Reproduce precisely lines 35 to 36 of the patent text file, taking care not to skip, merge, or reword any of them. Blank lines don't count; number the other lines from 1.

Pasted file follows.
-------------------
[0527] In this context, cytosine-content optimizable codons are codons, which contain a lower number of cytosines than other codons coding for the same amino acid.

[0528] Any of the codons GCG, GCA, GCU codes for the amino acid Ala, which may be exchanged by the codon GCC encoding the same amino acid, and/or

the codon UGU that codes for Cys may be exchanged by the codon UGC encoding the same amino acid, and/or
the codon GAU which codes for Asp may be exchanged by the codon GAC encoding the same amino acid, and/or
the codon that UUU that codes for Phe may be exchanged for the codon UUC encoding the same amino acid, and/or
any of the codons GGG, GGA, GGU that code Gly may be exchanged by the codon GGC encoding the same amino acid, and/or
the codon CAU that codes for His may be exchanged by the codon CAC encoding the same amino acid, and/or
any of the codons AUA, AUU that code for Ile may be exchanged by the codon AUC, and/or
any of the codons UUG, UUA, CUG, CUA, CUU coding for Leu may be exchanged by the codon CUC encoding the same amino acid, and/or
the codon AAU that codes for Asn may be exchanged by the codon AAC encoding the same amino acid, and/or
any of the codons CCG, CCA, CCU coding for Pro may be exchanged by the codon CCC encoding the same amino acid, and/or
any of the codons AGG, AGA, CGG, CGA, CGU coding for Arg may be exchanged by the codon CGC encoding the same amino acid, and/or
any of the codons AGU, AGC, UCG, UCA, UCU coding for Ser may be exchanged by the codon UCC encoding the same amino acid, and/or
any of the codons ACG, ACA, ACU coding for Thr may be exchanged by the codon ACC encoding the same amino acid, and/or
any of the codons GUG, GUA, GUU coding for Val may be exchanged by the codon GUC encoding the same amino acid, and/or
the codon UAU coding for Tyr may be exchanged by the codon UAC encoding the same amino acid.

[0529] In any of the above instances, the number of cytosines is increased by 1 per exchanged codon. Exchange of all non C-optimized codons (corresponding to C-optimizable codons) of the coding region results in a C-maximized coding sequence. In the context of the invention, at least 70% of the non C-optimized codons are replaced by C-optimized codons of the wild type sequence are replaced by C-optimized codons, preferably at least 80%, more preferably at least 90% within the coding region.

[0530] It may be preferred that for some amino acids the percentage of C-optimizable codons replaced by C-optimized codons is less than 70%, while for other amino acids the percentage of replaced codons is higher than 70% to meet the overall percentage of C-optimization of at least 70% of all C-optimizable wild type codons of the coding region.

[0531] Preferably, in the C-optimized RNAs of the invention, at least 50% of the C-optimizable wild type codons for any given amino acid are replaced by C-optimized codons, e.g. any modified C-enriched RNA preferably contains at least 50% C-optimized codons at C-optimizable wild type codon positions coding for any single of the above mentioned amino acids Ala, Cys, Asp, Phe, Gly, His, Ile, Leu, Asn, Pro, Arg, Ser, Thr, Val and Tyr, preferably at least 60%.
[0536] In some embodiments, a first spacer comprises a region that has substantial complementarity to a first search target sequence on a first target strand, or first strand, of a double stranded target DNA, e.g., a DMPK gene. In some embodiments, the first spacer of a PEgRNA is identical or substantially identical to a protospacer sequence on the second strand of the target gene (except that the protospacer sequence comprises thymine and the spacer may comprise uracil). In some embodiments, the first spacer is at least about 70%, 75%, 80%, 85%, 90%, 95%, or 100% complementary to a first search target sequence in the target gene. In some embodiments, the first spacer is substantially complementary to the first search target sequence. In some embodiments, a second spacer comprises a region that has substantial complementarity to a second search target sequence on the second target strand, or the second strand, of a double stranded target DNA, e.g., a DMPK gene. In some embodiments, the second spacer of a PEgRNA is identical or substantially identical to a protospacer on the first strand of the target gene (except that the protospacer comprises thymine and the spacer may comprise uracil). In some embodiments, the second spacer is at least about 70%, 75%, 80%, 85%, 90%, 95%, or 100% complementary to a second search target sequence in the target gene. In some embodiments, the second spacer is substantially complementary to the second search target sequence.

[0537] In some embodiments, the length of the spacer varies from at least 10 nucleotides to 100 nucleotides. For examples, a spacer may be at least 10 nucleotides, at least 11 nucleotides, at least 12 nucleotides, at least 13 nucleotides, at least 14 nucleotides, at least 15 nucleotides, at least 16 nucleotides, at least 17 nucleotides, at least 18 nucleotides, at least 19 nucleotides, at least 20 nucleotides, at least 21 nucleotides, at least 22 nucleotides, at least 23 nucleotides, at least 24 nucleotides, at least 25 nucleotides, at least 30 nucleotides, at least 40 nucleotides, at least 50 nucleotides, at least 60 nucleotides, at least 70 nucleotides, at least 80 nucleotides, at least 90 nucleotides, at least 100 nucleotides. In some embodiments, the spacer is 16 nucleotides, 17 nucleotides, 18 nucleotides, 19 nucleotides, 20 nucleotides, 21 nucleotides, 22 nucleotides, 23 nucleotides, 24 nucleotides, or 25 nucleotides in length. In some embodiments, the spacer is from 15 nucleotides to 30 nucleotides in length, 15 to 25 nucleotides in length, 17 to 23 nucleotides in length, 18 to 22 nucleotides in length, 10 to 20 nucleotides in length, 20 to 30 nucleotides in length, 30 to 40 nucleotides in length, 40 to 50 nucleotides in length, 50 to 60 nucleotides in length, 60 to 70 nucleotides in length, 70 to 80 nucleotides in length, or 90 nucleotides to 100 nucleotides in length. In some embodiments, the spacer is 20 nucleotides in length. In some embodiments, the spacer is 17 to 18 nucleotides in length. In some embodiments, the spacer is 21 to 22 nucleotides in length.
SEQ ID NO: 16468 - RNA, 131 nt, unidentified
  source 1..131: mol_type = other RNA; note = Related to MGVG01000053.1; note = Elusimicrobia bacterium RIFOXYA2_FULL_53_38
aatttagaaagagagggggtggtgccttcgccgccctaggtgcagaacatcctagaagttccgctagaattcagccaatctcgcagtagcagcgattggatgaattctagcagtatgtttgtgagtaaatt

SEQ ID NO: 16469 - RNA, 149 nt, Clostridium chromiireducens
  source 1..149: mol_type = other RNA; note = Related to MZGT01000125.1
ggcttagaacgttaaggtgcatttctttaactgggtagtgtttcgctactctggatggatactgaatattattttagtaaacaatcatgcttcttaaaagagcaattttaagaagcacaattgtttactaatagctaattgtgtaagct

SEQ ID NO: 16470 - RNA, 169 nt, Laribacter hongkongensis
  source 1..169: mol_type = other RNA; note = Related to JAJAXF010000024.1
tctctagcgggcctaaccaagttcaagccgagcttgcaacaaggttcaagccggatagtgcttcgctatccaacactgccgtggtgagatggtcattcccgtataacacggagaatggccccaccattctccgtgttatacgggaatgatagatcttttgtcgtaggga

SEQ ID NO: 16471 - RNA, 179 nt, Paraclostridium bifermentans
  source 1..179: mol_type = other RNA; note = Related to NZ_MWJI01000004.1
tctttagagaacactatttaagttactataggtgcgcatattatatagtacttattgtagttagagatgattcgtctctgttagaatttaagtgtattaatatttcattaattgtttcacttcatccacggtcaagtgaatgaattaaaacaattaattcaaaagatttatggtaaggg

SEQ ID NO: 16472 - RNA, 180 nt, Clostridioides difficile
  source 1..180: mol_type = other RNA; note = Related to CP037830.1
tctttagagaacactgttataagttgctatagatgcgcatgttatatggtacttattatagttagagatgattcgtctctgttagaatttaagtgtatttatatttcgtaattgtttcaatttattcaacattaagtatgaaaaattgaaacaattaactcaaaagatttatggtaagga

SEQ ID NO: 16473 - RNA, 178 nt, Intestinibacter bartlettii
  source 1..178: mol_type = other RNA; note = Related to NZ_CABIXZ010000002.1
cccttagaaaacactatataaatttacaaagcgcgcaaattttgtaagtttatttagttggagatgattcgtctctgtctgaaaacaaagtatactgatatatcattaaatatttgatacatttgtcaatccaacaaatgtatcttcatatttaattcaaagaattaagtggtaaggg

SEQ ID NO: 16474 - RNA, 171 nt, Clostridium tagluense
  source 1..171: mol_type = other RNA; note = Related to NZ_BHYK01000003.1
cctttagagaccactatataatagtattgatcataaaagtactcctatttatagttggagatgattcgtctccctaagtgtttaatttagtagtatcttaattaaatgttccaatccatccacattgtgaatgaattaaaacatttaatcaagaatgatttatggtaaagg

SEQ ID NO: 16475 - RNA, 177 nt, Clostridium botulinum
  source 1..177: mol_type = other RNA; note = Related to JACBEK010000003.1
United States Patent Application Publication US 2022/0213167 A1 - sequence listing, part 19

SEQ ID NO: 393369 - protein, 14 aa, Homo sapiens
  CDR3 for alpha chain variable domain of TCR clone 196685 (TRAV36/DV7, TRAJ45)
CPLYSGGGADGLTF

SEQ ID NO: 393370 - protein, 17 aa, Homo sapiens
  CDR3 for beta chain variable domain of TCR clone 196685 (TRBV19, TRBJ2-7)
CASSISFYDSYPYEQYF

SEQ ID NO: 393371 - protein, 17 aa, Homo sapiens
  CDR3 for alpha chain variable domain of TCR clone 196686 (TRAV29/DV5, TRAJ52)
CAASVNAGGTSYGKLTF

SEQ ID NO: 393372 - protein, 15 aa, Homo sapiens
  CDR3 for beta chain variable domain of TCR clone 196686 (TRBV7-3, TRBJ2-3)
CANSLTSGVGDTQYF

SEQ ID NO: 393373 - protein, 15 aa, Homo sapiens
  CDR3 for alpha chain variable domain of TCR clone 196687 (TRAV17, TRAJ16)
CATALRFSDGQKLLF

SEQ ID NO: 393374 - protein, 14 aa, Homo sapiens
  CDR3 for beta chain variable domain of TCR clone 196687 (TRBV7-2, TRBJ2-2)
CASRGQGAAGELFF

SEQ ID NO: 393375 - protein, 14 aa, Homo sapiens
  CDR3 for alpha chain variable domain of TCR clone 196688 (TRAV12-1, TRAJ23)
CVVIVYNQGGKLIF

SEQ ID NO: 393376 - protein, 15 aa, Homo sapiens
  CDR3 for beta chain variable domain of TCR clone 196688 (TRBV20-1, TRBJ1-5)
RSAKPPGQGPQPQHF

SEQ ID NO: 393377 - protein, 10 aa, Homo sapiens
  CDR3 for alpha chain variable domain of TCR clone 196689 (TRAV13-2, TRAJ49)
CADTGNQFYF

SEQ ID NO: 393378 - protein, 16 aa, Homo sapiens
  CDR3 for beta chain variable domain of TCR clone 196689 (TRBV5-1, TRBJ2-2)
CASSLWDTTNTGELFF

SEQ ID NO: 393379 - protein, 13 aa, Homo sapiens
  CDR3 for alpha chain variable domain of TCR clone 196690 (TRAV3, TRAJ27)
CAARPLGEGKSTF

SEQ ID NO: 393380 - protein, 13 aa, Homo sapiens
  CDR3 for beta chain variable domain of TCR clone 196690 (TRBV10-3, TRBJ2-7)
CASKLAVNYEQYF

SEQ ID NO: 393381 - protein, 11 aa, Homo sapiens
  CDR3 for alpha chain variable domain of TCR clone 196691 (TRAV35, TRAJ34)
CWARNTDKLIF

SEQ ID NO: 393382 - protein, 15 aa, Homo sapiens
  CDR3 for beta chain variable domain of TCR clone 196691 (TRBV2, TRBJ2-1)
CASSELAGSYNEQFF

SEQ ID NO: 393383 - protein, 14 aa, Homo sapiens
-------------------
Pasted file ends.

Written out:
  source 1..180: mol_type = other RNA; note = Related to CP037830.1
tctttagagaacactgttataagttgctatagatgcgcatgttatatggtacttattatagttagagatgattcgtctctgttagaatttaagtgtatttatatttcgtaattgtttcaatttattcaacattaagtatgaaaaattgaaacaattaactcaaaagatttatggtaagga